tax avoidance

Abu Dhabi proposes 50 year zero tax zone?

A report in the Khaleej Times from 1st July on proposed regulation for the Abu Dhabi Global Market hides an interesting nugget, way down in paragraph six.

A palace overlooks Abu Dhabi Yacht Club - a high roller's playground?  Image: wavejourney.com

A palace overlooks Abu Dhabi Yacht Club – a high roller’s playground? Image: wavejourney.com

“Abu Dhabi financial zone will offer a zero-tax environment for 50 years. In the launch phase, the financial hub will benefit from Abu Dhabi’s natural strength, ie private banking, wealth management and asset management and will grow according to market demand to eventually become a broad based financial hub.”

Great news for private and corporate clients who want to take a break from paying taxes, but how does this sit with the rest of the world’s focus on tax crimes? Will parking funds in the ADGM and avoiding coughing up your dues in the place you make your money be OK? Time will tell.

Abu Dhabi is a part of the United Arab Emirates, a member of the Financial Action Task Force’s regional body – MENAFATF.

 

 

Compliance Carols

This is the time of year to roll out the platitudes and look back over the past 12 months, at the high points and low points  and this blog is no exception.

2014 has been a great year for compliance, mainly thanks to the numerous investigations into rate rigging, market

Christmas Candle

Christmas Candle

manipulation and sanctions breaches which although on a global scale, have affected the Asia Pacific region.

Terrorist financing

Starting on a very sombre note, the Australian police force has arrested and charged two men with giving AUD15,000 to ISIS by funding flights for Australians who went to join the jihad in Syria. There is no evidence linking this to the tragic siege in a Sydney cafe in December, perpetrated by an apparently mentally ill man. Nor are their any direct links between that and the barbaric terrorist attack on a school in Peshawar carried out by the Taliban who murdered more than 130 people, the majority of whom were children. Who is funding the Taliban? The UK, US and foreign aid budgets have been variously named as unwitting donors. But that is all old news. Terror was still being funded in 2014.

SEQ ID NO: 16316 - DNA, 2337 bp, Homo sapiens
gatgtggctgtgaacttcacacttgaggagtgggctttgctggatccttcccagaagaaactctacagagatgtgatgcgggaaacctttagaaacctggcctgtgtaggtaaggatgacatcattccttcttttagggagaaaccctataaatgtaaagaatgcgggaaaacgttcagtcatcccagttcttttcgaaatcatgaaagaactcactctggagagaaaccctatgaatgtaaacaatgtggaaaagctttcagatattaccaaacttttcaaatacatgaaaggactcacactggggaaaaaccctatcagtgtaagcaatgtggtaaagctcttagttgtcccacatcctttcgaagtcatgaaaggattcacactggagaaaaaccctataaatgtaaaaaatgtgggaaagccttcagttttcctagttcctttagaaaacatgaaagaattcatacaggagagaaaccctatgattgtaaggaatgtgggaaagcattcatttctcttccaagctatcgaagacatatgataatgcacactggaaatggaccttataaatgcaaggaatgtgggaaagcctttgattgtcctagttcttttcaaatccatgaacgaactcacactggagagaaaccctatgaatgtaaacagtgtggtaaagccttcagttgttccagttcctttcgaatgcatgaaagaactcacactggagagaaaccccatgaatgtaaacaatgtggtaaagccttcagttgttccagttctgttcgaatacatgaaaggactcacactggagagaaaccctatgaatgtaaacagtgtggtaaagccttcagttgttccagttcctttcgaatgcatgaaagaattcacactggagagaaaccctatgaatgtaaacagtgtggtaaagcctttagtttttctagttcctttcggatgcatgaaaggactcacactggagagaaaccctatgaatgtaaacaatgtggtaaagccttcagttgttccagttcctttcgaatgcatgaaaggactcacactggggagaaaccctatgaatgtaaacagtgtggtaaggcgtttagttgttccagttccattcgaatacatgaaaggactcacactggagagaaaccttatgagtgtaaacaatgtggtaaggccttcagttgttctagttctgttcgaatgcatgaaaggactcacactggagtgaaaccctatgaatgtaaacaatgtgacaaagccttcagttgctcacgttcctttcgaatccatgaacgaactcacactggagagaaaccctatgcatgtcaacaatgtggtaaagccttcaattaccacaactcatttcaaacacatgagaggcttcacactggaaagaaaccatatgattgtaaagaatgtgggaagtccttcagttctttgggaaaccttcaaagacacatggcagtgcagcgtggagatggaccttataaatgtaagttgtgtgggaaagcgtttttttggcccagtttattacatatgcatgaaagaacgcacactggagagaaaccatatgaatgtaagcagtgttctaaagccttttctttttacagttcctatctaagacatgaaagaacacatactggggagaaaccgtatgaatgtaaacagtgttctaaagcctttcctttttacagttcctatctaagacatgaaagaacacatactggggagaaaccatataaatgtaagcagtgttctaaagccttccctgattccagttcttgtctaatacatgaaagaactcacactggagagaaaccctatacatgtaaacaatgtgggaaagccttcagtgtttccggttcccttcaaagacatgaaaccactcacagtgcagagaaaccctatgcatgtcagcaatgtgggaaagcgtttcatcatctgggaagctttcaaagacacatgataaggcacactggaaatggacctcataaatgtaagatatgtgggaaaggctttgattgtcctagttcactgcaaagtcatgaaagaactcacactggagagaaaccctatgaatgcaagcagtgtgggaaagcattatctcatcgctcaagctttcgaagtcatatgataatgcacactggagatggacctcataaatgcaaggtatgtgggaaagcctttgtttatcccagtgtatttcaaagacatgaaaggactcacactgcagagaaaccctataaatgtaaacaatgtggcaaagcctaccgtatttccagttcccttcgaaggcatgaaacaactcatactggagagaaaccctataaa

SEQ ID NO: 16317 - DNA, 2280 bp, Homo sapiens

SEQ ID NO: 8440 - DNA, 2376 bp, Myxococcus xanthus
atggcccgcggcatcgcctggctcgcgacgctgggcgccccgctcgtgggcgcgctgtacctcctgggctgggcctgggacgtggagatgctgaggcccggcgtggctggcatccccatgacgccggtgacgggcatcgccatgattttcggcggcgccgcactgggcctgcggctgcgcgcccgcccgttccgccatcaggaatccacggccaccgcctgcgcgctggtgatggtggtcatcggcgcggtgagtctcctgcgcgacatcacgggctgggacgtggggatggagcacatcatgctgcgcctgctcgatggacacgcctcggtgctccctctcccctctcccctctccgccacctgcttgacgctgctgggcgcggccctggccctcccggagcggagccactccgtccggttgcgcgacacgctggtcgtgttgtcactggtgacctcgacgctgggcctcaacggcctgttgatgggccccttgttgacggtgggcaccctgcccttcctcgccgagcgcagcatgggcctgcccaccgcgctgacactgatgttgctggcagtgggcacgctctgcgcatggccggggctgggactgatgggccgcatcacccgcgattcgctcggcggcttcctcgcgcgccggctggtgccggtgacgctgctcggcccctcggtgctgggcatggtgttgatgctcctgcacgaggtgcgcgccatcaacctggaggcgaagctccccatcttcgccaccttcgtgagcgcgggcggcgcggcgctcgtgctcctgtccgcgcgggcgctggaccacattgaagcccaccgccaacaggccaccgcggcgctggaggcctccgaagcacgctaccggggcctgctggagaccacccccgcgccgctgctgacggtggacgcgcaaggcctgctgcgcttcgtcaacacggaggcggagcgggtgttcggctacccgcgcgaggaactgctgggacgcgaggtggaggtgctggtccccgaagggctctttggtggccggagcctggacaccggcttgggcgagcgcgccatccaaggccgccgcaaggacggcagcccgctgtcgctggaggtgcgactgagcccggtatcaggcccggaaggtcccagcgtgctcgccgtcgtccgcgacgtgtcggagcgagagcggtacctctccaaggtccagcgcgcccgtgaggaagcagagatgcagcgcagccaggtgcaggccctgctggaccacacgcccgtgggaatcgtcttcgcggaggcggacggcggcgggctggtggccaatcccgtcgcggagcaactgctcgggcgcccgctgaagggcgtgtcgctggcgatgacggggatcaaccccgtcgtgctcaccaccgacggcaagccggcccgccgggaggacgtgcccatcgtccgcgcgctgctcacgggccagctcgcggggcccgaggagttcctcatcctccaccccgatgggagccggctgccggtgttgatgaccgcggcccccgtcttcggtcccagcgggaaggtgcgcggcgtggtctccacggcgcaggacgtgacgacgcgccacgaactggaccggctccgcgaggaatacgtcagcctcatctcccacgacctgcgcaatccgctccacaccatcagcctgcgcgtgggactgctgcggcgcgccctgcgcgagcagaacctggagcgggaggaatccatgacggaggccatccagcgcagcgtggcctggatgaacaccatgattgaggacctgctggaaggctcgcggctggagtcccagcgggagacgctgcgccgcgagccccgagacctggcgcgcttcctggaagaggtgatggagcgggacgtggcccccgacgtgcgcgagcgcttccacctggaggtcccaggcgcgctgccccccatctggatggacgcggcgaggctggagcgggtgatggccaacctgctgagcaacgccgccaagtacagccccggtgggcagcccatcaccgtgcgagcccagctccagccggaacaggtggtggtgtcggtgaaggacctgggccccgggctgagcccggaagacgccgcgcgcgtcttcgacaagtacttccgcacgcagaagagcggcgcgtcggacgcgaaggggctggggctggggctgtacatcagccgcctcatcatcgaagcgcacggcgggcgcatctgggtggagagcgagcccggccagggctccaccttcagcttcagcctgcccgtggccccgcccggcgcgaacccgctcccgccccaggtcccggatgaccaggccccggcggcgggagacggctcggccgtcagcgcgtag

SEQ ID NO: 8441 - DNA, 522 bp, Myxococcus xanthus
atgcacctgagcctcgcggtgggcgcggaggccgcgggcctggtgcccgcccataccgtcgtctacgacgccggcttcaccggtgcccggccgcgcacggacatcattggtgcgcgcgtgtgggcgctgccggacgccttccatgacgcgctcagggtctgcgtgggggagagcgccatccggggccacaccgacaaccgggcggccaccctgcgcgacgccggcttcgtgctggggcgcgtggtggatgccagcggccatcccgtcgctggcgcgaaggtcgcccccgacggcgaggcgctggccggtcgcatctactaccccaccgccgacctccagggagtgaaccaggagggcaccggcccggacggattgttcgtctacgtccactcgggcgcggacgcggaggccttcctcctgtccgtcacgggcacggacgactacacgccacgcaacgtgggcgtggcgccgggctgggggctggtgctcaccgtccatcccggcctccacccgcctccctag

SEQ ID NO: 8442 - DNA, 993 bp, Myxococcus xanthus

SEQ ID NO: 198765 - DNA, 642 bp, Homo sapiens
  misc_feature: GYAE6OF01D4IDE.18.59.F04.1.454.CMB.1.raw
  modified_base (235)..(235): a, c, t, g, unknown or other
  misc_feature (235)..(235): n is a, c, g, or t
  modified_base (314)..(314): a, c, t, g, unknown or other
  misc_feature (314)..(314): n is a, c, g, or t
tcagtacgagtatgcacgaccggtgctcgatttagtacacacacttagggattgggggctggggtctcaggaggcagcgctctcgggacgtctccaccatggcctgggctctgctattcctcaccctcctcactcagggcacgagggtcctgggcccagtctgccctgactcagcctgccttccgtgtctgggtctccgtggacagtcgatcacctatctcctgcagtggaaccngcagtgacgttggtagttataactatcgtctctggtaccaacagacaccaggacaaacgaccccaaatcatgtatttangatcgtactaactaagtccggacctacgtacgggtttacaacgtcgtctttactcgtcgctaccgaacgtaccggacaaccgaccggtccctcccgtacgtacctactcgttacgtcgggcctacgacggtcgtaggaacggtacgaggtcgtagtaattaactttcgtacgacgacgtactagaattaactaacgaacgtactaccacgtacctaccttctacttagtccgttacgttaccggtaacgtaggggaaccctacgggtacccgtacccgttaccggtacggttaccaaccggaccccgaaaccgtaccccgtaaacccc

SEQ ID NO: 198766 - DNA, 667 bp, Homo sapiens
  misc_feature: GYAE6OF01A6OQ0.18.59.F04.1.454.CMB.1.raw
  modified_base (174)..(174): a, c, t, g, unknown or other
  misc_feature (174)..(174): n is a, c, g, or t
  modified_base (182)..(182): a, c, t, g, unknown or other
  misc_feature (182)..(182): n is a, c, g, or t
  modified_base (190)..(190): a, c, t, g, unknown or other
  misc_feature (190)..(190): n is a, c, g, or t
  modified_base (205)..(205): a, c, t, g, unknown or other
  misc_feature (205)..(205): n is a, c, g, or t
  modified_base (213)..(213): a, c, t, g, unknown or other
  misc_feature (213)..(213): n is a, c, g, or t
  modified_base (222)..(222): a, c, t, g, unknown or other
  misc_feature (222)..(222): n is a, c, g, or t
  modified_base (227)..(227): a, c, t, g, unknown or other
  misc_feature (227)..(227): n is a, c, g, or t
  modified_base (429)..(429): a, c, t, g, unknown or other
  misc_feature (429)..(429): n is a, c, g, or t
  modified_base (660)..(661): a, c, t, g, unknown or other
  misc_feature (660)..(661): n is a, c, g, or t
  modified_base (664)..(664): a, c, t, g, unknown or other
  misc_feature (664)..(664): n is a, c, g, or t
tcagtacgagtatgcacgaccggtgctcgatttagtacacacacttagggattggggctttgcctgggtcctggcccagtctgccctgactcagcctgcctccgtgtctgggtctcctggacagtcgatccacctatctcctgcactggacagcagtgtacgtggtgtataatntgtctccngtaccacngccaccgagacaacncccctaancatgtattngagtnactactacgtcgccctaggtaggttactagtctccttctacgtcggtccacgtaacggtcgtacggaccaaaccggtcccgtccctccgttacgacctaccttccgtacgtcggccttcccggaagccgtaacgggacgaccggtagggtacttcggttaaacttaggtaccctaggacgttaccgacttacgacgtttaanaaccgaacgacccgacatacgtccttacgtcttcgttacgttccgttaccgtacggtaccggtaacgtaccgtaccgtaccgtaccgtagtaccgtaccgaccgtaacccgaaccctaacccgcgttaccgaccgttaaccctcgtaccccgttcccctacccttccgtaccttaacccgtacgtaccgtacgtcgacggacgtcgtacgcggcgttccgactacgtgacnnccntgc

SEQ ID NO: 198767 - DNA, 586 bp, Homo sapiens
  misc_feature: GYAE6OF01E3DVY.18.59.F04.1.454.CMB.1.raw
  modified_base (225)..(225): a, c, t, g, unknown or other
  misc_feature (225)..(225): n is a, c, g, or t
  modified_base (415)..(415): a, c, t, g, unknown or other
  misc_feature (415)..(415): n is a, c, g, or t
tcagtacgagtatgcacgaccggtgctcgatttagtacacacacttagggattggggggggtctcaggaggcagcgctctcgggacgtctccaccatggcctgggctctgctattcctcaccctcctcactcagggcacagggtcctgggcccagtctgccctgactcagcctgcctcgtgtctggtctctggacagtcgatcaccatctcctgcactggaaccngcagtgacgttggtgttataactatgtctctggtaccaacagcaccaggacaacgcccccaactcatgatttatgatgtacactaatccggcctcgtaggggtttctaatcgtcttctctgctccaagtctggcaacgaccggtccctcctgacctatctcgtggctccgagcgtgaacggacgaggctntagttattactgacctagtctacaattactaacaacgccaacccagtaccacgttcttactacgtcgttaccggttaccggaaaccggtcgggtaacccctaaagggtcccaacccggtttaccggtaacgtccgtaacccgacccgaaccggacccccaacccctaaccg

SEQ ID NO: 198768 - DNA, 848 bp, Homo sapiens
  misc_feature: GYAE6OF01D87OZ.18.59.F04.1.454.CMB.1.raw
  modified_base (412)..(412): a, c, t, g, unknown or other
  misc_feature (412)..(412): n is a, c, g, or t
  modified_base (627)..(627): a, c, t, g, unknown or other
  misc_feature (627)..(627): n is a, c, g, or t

Last Christmas I broke the law for you

BNP have claimed the top of the Christmas tree this year with their admission to breaching US sanctions on Sudan, Iran and Cuba, accepting the largest financial penalty to date issued for this type of breach, an eye watering USD8.97bn, which is roughly how much money it sluiced for sanctioned entities between 2004 and 2012. The penalty has focused attention on sanctions, and upon the intricate systems used by BNP to hide transactions.

He sees when you are grafting, he knows when you’r e on the take

Corruption gained a very high profile in APAC this year, with President Xi Jinping launching merciless attacks on former allies and fellow politicians who have skimmed from the national coffers. Although some view this as a political purge with corruption used as an overcoat, the message sent out is loud and clear: you’d better watch out, you’d better not graft.

Lonely this Christmas

Hong Kong’s Independent Commission Against Corruption officers will surely be celebrating this week  as it landed a prize scalp. A jury found HK’s former second official – Rafael Hui – guilty of accepting HK$8.5m (£700,000) from executives of the Sun Hung Kai Properties development company. The case has exposed the intricate links between the SAR’s government and powerful property developers; Hui’s case is the latest conviction. He is due to be sentenced in time for Christmas in Hong Kong’s jail, which will be a far less chilling residency than those of peers in Mainland China.

All you want for Christmas is a job in KYC